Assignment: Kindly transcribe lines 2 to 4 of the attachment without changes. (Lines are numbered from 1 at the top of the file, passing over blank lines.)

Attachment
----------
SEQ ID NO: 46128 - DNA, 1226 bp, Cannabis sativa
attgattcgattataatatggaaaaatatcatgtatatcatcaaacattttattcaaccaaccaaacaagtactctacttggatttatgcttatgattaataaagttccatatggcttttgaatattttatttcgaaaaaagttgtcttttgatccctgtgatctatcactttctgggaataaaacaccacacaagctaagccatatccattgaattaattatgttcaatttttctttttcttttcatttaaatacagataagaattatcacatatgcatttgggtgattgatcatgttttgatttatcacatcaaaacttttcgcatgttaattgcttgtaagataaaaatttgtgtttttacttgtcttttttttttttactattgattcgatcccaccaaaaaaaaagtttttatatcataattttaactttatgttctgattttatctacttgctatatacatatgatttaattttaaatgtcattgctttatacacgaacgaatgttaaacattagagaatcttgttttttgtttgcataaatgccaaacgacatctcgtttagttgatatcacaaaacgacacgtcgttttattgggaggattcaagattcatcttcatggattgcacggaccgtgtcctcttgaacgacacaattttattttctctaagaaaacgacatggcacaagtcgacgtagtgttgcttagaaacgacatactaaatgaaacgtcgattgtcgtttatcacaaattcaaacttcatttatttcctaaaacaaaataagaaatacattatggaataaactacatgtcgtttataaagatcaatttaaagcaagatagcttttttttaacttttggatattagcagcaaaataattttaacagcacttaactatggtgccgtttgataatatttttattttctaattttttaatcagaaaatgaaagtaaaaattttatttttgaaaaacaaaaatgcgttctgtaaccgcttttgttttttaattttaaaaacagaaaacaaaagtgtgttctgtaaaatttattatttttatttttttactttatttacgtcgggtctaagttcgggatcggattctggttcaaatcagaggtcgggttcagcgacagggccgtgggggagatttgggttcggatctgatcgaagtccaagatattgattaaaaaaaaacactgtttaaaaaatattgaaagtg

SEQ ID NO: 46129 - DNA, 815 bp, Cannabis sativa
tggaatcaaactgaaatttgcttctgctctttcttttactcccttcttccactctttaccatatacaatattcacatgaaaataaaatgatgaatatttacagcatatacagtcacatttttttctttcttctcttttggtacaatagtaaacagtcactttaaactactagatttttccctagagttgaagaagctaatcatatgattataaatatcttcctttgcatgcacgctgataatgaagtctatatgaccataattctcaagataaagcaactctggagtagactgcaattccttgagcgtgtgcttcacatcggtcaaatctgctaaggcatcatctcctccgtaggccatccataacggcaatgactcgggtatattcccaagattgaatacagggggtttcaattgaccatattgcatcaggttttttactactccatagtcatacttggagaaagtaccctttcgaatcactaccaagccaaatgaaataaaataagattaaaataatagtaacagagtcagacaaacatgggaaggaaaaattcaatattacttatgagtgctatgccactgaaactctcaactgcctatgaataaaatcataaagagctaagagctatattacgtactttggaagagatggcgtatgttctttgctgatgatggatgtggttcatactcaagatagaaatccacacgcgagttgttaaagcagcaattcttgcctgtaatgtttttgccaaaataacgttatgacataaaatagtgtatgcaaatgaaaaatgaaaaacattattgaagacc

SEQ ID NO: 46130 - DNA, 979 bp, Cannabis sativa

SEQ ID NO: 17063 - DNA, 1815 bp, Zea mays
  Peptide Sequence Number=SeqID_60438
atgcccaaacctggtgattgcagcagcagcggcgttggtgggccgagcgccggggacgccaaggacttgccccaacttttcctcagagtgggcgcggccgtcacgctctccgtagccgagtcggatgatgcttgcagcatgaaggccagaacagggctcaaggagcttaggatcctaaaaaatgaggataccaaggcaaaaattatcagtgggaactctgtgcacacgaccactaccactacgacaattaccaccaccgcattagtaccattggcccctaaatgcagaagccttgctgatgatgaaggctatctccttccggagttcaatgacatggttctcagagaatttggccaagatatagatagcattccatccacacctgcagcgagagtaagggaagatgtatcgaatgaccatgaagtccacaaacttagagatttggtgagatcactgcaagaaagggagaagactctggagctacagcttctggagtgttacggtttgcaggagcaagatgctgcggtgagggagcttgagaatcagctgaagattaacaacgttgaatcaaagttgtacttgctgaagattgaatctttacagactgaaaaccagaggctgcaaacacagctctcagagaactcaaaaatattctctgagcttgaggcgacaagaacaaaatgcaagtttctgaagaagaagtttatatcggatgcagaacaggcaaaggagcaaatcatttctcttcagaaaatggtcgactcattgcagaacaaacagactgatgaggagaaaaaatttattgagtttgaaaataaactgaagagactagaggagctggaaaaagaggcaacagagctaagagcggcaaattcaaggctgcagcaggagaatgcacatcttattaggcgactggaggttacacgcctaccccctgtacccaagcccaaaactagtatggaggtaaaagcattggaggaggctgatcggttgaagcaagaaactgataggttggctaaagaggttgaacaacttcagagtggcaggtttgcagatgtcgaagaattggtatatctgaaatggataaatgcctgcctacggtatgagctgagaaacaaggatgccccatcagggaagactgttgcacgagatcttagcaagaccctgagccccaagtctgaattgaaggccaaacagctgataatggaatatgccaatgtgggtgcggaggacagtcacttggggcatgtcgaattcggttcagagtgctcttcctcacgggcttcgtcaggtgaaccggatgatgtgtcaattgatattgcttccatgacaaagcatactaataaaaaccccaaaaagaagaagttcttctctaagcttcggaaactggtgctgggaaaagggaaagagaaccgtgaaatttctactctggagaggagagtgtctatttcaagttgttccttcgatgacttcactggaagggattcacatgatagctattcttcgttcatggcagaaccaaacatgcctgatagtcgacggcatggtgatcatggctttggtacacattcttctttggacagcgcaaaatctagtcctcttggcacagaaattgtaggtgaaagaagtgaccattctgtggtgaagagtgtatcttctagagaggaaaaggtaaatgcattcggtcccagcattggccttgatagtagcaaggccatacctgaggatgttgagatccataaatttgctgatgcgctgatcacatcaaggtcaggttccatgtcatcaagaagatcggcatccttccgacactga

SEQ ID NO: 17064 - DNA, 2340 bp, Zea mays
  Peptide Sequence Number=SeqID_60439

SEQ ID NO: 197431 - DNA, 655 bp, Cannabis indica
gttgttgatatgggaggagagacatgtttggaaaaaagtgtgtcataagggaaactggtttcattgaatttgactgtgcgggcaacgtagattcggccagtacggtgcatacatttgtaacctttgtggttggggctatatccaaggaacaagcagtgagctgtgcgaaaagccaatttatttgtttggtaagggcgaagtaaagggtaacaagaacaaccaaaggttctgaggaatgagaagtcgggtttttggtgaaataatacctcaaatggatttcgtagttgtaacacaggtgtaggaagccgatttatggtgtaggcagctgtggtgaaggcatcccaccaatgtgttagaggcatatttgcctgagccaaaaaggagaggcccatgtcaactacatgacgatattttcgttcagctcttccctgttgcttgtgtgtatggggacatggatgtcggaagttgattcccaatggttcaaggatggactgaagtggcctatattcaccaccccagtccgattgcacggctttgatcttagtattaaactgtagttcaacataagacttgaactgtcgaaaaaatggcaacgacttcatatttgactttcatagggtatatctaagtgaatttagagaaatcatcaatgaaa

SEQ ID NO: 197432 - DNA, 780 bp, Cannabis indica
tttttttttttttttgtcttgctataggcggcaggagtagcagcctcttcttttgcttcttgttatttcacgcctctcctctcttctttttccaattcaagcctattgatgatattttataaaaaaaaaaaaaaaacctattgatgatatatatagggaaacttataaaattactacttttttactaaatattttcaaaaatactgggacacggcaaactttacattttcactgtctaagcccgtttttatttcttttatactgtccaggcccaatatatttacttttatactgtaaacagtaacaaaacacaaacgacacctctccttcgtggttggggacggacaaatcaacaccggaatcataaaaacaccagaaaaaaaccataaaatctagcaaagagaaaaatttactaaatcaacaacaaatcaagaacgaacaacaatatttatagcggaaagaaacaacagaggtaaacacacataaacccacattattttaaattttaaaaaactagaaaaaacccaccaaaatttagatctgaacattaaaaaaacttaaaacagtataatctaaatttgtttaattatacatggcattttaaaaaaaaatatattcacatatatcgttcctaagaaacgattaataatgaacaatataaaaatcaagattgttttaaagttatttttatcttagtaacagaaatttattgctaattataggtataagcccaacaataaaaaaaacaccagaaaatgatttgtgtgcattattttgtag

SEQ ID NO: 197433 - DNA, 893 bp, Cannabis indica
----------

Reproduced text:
attgattcgattataatatggaaaaatatcatgtatatcatcaaacattttattcaaccaaccaaacaagtactctacttggatttatgcttatgattaataaagttccatatggcttttgaatattttatttcgaaaaaagttgtcttttgatccctgtgatctatcactttctgggaataaaacaccacacaagctaagccatatccattgaattaattatgttcaatttttctttttcttttcatttaaatacagataagaattatcacatatgcatttgggtgattgatcatgttttgatttatcacatcaaaacttttcgcatgttaattgcttgtaagataaaaatttgtgtttttacttgtcttttttttttttactattgattcgatcccaccaaaaaaaaagtttttatatcataattttaactttatgttctgattttatctacttgctatatacatatgatttaattttaaatgtcattgctttatacacgaacgaatgttaaacattagagaatcttgttttttgtttgcataaatgccaaacgacatctcgtttagttgatatcacaaaacgacacgtcgttttattgggaggattcaagattcatcttcatggattgcacggaccgtgtcctcttgaacgacacaattttattttctctaagaaaacgacatggcacaagtcgacgtagtgttgcttagaaacgacatactaaatgaaacgtcgattgtcgtttatcacaaattcaaacttcatttatttcctaaaacaaaataagaaatacattatggaataaactacatgtcgtttataaagatcaatttaaagcaagatagcttttttttaacttttggatattagcagcaaaataattttaacagcacttaactatggtgccgtttgataatatttttattttctaattttttaatcagaaaatgaaagtaaaaattttatttttgaaaaacaaaaatgcgttctgtaaccgcttttgttttttaattttaaaaacagaaaacaaaagtgtgttctgtaaaatttattatttttatttttttactttatttacgtcgggtctaagttcgggatcggattctggttcaaatcagaggtcgggttcagcgacagggccgtgggggagatttgggttcggatctgatcgaagtccaagatattgattaaaaaaaaacactgtttaaaaaatattgaaagtg

SEQ ID NO: 46129 - DNA, 815 bp, Cannabis sativa
tggaatcaaactgaaatttgcttctgctctttcttttactcccttcttccactctttaccatatacaatattcacatgaaaataaaatgatgaatatttacagcatatacagtcacatttttttctttcttctcttttggtacaatagtaaacagtcactttaaactactagatttttccctagagttgaagaagctaatcatatgattataaatatcttcctttgcatgcacgctgataatgaagtctatatgaccataattctcaagataaagcaactctggagtagactgcaattccttgagcgtgtgcttcacatcggtcaaatctgctaaggcatcatctcctccgtaggccatccataacggcaatgactcgggtatattcccaagattgaatacagggggtttcaattgaccatattgcatcaggttttttactactccatagtcatacttggagaaagtaccctttcgaatcactaccaagccaaatgaaataaaataagattaaaataatagtaacagagtcagacaaacatgggaaggaaaaattcaatattacttatgagtgctatgccactgaaactctcaactgcctatgaataaaatcataaagagctaagagctatattacgtactttggaagagatggcgtatgttctttgctgatgatggatgtggttcatactcaagatagaaatccacacgcgagttgttaaagcagcaattcttgcctgtaatgtttttgccaaaataacgttatgacataaaatagtgtatgcaaatgaaaaatgaaaaacattattgaagacc